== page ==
So certain was Rumsfeld that the professionals were wrong, that he set up his own shop to "recalibrate" the intelligence, staffing it with people hand-picked by and ideologically compatible with Wolfowitz. At the same time, Cheney and his deputy, I. Scooter Libby, made frequent visits to CIA headquarters in what was taken as an effort to intimidate the analysts (and presumably CIA director George Tenet). It never occurred to the hawks, of course, that they might be as susceptible to human nature's failings as the professionals.
When the professionals argued in the administration's inner councils that U.S. troops would face as much apprehension and hostility as gratitude from key sectors of the Iraqi population, the hawks replied that they underestimated the attraction and political skills of a man like Ahmed Chalabi, the head of the Pentagon-backed Iraqi National Congress (INC), who told them of his far-reaching secret network of informants and supporters inside Iraq.
Indeed, it was "defectors" who were "recruited" by the INC who provided the information that made the ideologues so confident about the existence of WMD, the ties between Baghdad and al Qaeda, and the rapturous greeting U.S. soldiers would get in Baghdad and on the way there.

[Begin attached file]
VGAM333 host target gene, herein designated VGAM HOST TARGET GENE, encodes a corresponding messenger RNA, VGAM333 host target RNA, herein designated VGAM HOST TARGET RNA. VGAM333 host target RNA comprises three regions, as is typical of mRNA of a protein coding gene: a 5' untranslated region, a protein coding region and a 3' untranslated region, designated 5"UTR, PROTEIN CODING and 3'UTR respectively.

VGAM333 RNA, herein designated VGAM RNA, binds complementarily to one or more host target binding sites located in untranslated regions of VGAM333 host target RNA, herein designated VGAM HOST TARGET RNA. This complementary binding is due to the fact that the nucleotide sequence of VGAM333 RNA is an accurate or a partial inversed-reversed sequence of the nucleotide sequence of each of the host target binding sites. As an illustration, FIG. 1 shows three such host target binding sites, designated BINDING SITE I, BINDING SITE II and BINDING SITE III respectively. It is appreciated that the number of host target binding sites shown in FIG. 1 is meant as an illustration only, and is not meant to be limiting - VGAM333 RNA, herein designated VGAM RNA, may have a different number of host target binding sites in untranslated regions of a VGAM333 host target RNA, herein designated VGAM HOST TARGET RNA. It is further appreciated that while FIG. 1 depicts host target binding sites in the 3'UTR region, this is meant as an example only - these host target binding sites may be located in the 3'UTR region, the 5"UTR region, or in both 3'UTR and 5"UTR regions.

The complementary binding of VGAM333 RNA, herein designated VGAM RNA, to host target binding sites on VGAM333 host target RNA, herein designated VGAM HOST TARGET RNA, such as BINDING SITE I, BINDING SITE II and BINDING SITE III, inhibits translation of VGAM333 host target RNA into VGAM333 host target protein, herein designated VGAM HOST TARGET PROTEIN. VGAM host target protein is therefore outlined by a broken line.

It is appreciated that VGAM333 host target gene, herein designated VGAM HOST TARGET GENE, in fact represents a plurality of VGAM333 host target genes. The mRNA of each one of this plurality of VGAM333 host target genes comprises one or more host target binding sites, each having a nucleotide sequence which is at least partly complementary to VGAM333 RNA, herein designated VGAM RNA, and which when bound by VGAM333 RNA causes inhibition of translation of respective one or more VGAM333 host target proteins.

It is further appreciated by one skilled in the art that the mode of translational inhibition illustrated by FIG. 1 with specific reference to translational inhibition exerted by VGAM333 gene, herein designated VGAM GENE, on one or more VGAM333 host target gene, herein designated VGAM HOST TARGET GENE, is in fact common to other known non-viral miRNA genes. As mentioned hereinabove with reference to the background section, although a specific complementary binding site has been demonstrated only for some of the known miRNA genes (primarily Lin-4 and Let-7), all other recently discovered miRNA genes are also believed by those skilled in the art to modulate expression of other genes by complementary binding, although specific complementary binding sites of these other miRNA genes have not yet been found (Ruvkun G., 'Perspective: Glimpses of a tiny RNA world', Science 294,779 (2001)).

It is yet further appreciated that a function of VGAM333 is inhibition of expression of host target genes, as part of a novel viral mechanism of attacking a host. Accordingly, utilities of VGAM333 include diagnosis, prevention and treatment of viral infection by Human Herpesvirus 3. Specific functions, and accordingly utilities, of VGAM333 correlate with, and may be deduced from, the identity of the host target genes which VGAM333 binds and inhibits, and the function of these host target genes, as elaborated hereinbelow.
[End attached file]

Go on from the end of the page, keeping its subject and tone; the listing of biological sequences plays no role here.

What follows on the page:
"Why was the Pentagon so unprepared for the Day After?" asked Trudy Rubin, foreign affairs analyst for The Philadelphia Inquirer. "Back in November," she wrote last week, "Wolfowitz told me he believed that the London-based Iraqi opposition (headed by Ahmed Chalabi) would return to Baghdad and assume the reins of power, just as Gen. Charles de Gaulle and the Free French returned triumphantly to postwar France."
The hawks thus saw westernized Chalabi, who had not been in Baghdad since he was a teenager, as the man of destiny whom U.S. military forces had merely to install in the capital. The professionals, who had worked with him in the early 1990s, on the other hand, saw him as a confidence man.
"What he did was pander to the dreams of a group of powerful men, centered in the Pentagon, the Defense Policy Board, the vice president's office, and various think tanks scattered around Washington," according to Thomas Engelhardt, a New York writer who produces a daily web log on the war.
"The thing that needs to be grasped here is that since 1991 these men have been dreaming up a storm about reconfiguring the Middle East, while scaling the heavens (via various Star Wars programs for the militarization of space), and so nailing down an American earth for eternity. Their dreams were utopian and so, by definition, unrealizable. Theirs were lava dreams, and they were dreamt, like all such burning dreams, without much reference to the world out there. They were perfect pickings for a Chalabi."
Of course, the fact that Chalabi is now scarcely mentioned as a possible political force in Iraq is barely acknowledged by the hawks who still insist, albeit with less conviction, that things are going their way and that there is no reason to panic.